Dr. Maya Angelou at Glide Memorial Church in San Francisco
In salute of African American living legends, this tribute to Maya Angelou is the first in a series for the 2014 Amoeblog Black History Month. Maya Angelou, who will turn 86 on April 4th, was born in St. Louis, Missouri in 1928. She would go on to live a trailblazing life in which her accolades would include being an activist, author, actress, screenwriter, educator, dancer, singer, poet, and San Francisco cable car operator. In the 1940's during World War II Angelou moved to the city by the bay (she would return to San Francisco a decade later) after winning a scholarship to study dance and acting at the California Labor School. During that time she briefly held a job as a SF cable car operator. Even at that she was a pioneer in her field by being the very first black female cable car conductor. And that would be only one of numerous "firsts" for Angelou during her influential life.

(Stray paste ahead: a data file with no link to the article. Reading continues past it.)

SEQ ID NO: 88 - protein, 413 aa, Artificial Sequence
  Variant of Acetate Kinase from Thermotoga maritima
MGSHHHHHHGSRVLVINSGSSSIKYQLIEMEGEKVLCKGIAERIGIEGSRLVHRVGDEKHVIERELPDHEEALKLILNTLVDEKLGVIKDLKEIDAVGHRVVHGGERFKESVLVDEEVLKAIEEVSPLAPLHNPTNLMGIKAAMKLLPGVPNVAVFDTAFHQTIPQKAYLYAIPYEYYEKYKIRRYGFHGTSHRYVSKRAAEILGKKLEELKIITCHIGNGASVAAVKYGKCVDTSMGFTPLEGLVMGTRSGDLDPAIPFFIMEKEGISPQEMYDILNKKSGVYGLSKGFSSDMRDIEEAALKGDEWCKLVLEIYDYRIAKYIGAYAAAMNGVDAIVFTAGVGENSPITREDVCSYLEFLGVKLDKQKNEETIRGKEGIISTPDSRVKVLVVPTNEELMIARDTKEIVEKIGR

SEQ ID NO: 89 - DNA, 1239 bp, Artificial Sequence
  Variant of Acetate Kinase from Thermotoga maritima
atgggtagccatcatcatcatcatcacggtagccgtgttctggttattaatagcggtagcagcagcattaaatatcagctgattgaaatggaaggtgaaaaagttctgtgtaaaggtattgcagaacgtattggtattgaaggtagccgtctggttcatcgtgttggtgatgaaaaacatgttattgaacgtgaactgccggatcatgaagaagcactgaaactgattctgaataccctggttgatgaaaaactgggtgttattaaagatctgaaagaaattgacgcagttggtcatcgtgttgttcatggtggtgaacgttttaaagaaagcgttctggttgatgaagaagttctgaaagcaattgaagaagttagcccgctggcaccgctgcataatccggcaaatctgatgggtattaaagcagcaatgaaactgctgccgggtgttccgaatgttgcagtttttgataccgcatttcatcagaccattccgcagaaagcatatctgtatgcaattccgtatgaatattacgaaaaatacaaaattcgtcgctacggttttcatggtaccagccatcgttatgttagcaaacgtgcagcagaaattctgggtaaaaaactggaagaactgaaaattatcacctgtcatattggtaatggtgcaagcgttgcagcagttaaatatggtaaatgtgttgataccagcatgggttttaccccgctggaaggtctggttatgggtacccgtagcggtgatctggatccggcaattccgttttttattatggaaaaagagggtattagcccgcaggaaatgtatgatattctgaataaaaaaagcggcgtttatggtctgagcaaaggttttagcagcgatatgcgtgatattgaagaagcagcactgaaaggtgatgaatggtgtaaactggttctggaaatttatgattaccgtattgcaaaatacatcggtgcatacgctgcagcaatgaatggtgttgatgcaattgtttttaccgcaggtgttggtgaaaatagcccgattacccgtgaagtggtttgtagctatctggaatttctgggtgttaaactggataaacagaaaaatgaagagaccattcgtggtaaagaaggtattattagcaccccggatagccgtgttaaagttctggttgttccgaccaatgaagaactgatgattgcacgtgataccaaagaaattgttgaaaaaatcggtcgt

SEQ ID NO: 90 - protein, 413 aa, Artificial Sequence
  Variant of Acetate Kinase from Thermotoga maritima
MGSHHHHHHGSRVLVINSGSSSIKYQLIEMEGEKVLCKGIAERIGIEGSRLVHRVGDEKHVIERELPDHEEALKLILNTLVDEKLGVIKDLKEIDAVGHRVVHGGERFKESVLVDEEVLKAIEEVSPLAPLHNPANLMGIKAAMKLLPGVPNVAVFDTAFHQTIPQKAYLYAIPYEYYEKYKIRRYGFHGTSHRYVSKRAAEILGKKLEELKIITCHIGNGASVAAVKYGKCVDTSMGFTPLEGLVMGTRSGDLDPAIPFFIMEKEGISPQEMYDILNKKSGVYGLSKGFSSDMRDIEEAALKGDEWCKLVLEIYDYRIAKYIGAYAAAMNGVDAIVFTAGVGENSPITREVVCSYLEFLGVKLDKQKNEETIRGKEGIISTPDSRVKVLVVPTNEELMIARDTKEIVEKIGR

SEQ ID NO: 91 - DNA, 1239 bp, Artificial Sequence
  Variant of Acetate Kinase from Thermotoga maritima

Angelou's 1969 coming-of-age memoir I Know Why the Caged Bird Sings, which her friend James Baldwin was instrumental in getting published, made literary history for being the first nonfiction best-seller by an African-American woman. It also broke records by later enjoying a two-year run on The New York Times' paperback nonfiction best-seller list. Angelou was also the first African-American woman to have her screenplay produced when, in 1972, the film screenplay for the film Georgia, Georgia was adapted from her book.